James Naismith: The History Behind March Madness

Created on Mar 15, 2018 by Kathy Pinna

Didn't we all play basketball in school? It used to be mandatory in grade school for girls and boys to participate in P.E., which often included playing a game or two.

So it makes sense that the game was invented by a Canadian P.E. teacher named James Naismith a little over 100 years ago.

His first equipment was a pretty rudimentary: a soccer ball and two peach baskets closed at the bottom. This was enough to engage his students and keep them indoors during the rainy season.

Of course the sport of basketball evolved, and college tournaments - now called March Madness - came along in 1939 when basketball was about 40 years old.

Continue Reading Below
Share and discover the people and places from your past

Photo History of Basketball moment please loading spinner

Surprise Valley High, 1926

[ Click image for details ]

The history of basketball - James Naismith, born in 1861 in Ontario Canada, earned a B.A. in Physical Education at McGill University in 1888. After a couple of years teaching at McGill, he moved south to become a teacher at the YMCA International Training School in Springfield, Massachusetts. It was there, in 1891, that he invented the game of basketball. In college, he had played several sports - including football - and he felt that the game of football was too hard on the body. In addition, he was teaching students who were stuck indoors during the harsh Massachusetts winters.

Lowell High School Champions, 1905

[ Click image for details ]

James needed a game that could be played indoors, was more "body friendly" and used up the excess energies of his students. So he came up with the game of Basket Ball - and the first game was played by his students in December 1891. There were nine players on each side, they used a soccer ball, and a peach basket was hung at each end of the gym (about 10 ft from the floor). His 13 rules of Basket Ball were posted and the game began.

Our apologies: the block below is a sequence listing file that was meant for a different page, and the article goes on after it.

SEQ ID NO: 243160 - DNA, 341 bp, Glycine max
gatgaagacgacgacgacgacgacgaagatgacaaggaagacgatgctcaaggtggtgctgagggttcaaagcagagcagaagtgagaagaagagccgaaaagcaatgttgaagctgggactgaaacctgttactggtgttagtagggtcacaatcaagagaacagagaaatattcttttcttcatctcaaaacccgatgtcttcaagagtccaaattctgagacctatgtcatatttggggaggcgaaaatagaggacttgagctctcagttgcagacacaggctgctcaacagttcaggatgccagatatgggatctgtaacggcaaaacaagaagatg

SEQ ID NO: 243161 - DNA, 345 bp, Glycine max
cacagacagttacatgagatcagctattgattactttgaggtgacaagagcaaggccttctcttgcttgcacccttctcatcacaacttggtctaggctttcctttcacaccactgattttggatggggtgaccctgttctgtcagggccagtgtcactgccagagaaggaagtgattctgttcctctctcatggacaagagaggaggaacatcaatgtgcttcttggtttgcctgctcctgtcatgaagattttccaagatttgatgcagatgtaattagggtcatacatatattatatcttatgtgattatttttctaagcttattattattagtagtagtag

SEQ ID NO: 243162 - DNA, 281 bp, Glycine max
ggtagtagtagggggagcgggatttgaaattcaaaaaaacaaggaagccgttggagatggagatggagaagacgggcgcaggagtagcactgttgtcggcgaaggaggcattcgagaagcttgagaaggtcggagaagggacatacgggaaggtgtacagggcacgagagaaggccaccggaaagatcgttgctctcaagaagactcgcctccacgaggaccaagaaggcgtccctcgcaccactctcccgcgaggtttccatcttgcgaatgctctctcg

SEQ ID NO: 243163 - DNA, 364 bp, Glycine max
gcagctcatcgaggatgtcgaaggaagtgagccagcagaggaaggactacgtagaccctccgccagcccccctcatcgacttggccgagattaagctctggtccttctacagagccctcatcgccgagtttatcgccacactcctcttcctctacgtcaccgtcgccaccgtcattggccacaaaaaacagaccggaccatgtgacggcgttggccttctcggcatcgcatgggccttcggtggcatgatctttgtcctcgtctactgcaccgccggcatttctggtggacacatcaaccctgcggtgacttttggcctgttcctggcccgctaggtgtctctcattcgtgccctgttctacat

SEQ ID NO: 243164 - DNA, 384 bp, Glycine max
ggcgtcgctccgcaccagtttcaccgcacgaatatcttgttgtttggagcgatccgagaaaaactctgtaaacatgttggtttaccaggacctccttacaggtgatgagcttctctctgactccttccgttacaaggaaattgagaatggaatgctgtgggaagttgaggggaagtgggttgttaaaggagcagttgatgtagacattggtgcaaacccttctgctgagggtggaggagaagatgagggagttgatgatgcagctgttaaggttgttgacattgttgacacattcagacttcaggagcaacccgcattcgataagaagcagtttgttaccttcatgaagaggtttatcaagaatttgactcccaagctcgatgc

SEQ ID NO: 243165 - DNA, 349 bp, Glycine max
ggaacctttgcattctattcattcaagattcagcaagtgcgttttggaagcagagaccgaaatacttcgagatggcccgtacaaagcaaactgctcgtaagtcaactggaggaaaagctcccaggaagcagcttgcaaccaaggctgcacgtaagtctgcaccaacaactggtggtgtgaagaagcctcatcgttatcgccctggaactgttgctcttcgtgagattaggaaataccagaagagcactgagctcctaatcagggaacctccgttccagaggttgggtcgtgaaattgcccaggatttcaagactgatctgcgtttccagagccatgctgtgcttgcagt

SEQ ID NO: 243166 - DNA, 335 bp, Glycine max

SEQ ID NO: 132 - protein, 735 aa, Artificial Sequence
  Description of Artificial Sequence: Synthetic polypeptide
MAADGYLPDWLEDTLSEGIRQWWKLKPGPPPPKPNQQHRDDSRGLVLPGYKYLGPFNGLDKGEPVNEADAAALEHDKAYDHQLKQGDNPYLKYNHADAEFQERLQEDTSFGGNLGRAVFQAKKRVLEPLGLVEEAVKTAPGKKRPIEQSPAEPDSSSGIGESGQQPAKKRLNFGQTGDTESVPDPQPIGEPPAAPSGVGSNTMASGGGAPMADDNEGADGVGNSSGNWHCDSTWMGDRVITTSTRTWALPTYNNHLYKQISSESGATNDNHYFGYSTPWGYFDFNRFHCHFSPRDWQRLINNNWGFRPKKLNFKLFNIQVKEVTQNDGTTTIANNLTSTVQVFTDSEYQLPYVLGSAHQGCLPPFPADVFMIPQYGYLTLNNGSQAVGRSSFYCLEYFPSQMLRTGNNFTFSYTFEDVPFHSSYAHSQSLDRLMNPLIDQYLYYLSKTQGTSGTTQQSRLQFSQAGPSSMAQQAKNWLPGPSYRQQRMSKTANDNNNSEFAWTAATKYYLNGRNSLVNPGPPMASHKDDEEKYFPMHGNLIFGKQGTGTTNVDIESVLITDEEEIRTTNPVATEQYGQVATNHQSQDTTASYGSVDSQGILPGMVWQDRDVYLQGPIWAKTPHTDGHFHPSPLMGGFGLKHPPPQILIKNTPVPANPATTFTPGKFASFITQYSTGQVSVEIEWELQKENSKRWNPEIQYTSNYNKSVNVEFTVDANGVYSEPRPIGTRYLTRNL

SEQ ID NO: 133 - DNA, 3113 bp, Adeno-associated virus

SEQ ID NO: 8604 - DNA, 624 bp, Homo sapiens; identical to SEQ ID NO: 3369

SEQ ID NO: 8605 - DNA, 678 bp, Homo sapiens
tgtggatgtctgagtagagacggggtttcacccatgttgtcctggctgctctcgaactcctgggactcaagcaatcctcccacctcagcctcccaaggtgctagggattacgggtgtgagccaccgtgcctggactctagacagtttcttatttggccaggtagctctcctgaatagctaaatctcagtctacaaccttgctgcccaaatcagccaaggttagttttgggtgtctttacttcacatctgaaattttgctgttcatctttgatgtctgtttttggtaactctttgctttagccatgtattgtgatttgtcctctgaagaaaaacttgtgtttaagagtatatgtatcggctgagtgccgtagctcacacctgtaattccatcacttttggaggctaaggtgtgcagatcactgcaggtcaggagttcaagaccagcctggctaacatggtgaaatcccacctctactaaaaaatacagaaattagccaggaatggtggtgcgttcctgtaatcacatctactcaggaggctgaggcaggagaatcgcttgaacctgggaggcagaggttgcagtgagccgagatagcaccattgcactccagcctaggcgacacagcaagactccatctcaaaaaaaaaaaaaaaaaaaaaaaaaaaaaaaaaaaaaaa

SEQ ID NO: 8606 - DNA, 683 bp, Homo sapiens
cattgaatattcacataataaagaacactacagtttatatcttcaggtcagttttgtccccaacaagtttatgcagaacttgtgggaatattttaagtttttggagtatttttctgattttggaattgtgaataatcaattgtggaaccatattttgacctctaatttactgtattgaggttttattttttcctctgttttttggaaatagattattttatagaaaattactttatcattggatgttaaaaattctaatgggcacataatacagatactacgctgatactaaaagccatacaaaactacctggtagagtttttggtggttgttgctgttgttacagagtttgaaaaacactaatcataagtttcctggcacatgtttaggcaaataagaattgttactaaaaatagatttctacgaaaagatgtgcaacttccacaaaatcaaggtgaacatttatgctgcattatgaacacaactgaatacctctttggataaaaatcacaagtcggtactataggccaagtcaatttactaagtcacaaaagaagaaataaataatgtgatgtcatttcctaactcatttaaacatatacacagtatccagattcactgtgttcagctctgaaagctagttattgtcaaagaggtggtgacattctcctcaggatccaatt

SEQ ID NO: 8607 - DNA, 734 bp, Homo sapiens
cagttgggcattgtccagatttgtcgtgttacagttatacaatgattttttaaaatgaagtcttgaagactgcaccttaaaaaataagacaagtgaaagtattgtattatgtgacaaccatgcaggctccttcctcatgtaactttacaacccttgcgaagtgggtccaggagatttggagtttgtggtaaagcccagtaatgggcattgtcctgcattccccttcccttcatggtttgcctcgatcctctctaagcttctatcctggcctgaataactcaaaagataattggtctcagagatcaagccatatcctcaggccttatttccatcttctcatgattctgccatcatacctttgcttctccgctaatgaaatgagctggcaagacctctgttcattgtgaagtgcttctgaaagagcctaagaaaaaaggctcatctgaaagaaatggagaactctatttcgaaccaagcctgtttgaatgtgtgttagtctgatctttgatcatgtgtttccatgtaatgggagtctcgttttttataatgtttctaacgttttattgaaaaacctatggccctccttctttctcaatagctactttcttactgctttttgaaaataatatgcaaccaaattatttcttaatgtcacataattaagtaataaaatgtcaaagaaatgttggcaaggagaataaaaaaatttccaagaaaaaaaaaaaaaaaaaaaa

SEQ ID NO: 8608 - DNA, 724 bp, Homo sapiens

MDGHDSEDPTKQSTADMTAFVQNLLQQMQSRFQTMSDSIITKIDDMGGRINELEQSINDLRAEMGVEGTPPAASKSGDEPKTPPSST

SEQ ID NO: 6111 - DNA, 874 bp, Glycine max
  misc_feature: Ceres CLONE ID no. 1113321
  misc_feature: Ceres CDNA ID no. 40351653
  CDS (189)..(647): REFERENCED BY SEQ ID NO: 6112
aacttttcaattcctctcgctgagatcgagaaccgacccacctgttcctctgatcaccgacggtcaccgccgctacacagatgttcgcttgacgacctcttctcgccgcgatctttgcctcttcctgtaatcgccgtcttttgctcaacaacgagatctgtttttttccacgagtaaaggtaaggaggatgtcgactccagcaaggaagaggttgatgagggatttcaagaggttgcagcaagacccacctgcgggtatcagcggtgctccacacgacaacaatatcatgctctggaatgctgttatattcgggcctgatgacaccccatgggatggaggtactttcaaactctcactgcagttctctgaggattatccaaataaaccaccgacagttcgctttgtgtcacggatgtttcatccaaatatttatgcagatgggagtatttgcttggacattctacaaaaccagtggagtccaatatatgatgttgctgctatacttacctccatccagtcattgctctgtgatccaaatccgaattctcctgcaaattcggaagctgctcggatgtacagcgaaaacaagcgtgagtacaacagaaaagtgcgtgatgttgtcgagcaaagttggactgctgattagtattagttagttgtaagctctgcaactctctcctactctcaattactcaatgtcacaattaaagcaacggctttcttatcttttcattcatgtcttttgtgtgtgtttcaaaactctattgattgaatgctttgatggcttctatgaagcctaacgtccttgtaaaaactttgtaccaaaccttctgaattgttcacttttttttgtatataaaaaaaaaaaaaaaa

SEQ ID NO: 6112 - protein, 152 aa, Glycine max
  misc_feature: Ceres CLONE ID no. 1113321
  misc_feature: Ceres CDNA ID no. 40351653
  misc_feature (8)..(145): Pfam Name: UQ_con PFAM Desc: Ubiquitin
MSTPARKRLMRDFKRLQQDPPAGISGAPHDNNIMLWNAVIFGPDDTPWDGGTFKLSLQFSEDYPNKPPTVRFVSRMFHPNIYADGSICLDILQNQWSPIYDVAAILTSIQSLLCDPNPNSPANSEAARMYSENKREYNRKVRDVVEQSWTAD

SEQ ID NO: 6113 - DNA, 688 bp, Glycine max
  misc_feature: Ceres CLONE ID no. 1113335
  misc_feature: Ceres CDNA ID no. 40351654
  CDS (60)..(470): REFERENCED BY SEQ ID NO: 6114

Snohomish High School, 1923

[ Click image for details ]

North Manchester College, 1927

"Drowsy Dribs"??
[ Click image for details ]

Westmoreland High, 1949

[ Click image for details ]
Alan Heath
25 favorites
shared on 07/16/2012

Kansas Champions, 1911

[ Click image for details ]

Naismith later (1939) recalled the first Basket Ball game: “I showed them two peach baskets I’d nailed up at each end of the gym, and I told them the idea was to throw the ball into the opposing team’s peach basket. I blew a whistle, and the first game of basketball began. . . .The boys began tackling, kicking and punching in the clinches. They ended up in a free-for-all in the middle of the gym floor. (The injury toll: several black eyes, one separated shoulder and one player knocked unconscious.) “It certainly was murder.” (Naismith changed some of the rules as part of his quest to develop a clean sport.) The most important one was that there should be no running with the ball. That stopped tackling and slugging. We tried out the game with those rules (fouls), and we didn’t have one casualty.”

James Naismith

The founder of Basketball
[ Click image for details ]

8th grade team, 1924

[ Click image for details ]
Candace Miesse
18 favorites
shared on 03/01/2004

LIncoln High, 1911

[ Click image for details ]

High School Basketball Because the game of basketball doesn't require many people or much equipment, it spread like wildfire through schools in the early 20th century. While there is no tournament for a national champion on the high school level, local school teams are often a source of pride. In 1920's Indiana, the Franklin High School "Wonder Five" team had 104 wins and only 10 losses in 4 years. The boys began playing together as children and most of them even continued playing at Franklin College, beating large Universities.

Blog posts

Back to Top